VideoWall

App Inventor Classic • App Inventor Classic • FOR APP INVENTOR 2 CLICK HERE• App Inventor Classic • App Inventor Classic

This information pertains to App Inventor 1 (Classic). For tutorials about App Inventor 2, go to the App Inventor 2 Tutorials.

What you're building

The VideoWall app tutorial demonstrates how you can control the size of a video playing in an app by using the Video Player component's Width, Height, and FullScreen features. The VideoWall uses media assets (videos stored in the app itself), but you can use the app to display videos from the internet as well.

This tutorial assumes you are familiar with the basics of App Inventor-- using the Component Designer to build a user interface, and using the Blocks Editor to specify the app's behavior. If you are not familiar with the basics, try stepping through some of the basic tutorials before continuing.

Getting Started

Connect to the App Inventor web site and start a new project. Name the new project VideoWall and set the screen's Orientation to Landscape.

Download the following video files* for use later on:

*Attributions for these videos are included at the end of this tutorial.

Introduction

The finished VideoWall app will display a wall of three videos that can be expanded to their true size and then shrunk back down again. The app will also allow you to display the videos in fullscreen. This tutorial assumes you have followed earlier tutorials to learn how the following blocks work:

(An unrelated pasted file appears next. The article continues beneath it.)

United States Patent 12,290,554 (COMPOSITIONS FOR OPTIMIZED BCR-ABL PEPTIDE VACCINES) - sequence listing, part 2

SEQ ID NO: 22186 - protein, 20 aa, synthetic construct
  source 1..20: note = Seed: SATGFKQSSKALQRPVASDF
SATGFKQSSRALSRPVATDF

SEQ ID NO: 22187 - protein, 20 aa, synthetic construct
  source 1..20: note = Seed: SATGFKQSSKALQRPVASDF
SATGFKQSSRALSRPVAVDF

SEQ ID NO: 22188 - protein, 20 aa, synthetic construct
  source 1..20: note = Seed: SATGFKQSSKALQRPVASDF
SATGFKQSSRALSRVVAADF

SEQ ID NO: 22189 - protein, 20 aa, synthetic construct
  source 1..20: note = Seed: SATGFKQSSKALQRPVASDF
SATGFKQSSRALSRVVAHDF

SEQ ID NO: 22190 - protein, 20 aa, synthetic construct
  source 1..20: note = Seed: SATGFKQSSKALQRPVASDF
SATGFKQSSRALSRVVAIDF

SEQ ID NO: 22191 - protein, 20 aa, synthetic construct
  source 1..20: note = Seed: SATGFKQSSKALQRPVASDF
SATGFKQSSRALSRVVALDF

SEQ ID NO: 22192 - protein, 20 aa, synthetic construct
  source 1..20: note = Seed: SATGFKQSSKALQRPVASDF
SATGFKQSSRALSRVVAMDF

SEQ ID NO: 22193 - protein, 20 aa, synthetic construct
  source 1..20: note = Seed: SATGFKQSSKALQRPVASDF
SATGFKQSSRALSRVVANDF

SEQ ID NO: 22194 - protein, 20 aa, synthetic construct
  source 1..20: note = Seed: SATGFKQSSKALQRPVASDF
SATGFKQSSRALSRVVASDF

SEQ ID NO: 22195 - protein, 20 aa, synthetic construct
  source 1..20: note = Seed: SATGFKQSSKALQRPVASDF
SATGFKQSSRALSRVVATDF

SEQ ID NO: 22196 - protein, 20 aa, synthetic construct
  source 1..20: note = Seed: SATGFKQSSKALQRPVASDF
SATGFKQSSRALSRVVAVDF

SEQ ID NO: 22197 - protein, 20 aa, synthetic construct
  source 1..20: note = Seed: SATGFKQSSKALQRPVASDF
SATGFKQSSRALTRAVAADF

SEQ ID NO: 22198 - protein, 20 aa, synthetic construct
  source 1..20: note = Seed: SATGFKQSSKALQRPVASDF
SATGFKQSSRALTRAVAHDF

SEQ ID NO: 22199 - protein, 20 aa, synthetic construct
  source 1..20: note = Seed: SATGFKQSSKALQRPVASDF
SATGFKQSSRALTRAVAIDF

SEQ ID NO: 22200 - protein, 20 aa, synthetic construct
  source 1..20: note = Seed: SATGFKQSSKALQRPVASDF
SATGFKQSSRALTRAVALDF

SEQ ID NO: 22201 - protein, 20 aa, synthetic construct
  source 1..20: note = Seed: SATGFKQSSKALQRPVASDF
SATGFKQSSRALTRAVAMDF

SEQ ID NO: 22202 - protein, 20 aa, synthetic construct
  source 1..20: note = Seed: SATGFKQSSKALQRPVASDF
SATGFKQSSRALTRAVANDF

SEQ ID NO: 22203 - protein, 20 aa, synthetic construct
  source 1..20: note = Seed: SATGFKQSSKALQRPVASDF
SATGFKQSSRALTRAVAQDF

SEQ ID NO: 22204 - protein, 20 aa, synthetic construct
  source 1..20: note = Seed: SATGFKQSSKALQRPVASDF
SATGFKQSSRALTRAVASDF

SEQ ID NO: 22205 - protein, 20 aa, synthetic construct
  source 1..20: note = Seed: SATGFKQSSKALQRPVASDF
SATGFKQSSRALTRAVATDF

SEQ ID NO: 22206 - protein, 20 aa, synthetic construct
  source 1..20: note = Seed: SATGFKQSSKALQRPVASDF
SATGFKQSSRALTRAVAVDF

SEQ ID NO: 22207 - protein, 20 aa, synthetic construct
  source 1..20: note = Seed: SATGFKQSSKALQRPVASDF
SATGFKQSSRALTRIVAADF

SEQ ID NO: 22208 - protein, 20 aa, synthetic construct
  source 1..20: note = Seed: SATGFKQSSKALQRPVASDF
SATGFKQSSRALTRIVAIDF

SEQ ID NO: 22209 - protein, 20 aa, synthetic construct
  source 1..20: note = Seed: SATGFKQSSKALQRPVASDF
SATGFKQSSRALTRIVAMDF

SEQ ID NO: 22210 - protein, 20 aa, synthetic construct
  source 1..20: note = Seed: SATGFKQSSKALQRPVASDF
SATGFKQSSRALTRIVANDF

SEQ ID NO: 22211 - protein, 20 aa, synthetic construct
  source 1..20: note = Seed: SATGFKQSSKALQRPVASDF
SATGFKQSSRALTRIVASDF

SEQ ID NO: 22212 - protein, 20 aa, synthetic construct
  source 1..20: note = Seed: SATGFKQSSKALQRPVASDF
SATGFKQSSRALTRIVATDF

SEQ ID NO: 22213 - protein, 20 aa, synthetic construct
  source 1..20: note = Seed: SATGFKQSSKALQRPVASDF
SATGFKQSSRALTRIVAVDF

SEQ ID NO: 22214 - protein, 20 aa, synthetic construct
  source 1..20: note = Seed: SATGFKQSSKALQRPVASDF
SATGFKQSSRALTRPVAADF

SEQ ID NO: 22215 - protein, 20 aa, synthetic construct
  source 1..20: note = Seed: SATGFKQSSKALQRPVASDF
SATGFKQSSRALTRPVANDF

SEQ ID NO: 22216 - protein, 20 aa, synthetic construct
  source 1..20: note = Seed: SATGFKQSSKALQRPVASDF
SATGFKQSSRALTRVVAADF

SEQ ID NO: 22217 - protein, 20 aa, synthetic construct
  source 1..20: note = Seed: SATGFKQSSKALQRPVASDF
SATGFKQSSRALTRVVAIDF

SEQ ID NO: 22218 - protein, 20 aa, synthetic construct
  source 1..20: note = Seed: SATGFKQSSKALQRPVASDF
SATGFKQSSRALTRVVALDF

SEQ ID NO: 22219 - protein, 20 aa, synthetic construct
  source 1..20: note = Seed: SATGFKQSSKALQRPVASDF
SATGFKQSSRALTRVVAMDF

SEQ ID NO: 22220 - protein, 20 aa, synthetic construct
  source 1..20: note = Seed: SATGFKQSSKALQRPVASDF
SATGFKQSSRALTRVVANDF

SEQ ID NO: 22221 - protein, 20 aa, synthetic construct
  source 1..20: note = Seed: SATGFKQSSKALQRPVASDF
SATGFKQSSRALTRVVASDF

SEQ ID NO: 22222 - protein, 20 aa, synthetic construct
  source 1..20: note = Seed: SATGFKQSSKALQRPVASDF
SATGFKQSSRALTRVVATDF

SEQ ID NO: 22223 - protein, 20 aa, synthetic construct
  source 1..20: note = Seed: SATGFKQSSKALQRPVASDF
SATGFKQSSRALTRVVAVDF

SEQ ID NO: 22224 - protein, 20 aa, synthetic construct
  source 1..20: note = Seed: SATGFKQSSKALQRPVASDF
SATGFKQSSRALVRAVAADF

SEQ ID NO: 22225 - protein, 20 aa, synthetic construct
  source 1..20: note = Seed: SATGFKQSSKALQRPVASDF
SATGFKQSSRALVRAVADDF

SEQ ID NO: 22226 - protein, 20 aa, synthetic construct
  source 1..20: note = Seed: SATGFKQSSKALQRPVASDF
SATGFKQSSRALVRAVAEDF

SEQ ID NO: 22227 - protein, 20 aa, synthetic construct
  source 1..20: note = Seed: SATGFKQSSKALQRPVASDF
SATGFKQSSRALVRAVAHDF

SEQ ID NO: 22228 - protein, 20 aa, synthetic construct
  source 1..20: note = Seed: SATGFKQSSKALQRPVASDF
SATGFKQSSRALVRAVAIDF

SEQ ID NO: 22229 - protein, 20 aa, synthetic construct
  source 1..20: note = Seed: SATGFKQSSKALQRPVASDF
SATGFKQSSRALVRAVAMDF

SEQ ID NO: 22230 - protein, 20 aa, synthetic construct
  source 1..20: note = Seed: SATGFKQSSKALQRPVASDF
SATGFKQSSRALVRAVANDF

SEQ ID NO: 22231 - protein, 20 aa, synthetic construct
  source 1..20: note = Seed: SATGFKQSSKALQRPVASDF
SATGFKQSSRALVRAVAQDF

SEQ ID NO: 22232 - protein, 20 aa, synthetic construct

This tutorial introduces the following:

Set up the Components

Use the component designer to create the interface for the VideoWall. When completed, the designer should look similar to the snapshot below.

First, you need to upload the video files. Click on the Add... button and select a video file downloaded earlier. Repeat this step to add the other two video files. Now create the interface by dragging and dropping the components from the Palette to the Viewer.

Component Type Palette Group What you'll name it Purpose of Component
HorizontalArrangement Screen Arrangement HorizontalArrangement1 Holds all other components: makes the three vertical arrangements line up side by side
VerticalArrangement Screen Arrangement VerticalArrangement1 Holds the left-most VideoPlayer and controls
VerticalArrangement Screen Arrangement VerticalArrangement2 Holds the middle VideoPlayer and controls
VerticalArrangement Screen Arrangement VerticalArrangement3 Holds the right-most VideoPlayer and controls
VideoPlayer Media VideoPlayer1 Displays the BigBuckBunny video
VideoPlayer Media VideoPlayer2 Displays the NASA video
VideoPlayer Media VideoPlayer3 Displays the Sintel video
Button Basic ResizeButton1 Resizes VideoPlayer1
Button Basic ResizeButton2 Resizes VideoPlayer2
Button Basic ResizeButton3 Resizes VideoPlayer3
Button Basic FullScreenButton1 Shows the VideoPlayer1 video in fullscreen
Button Basic FullScreenButton2 Shows the VideoPlayer2 video in fullscreen
Button Basic FullScreenButton3 Shows the VideoPlayer3 video in fullscreen

Set the properties as described below:

Component Action
HorizontalArrangement1 Set Width to Fill parent...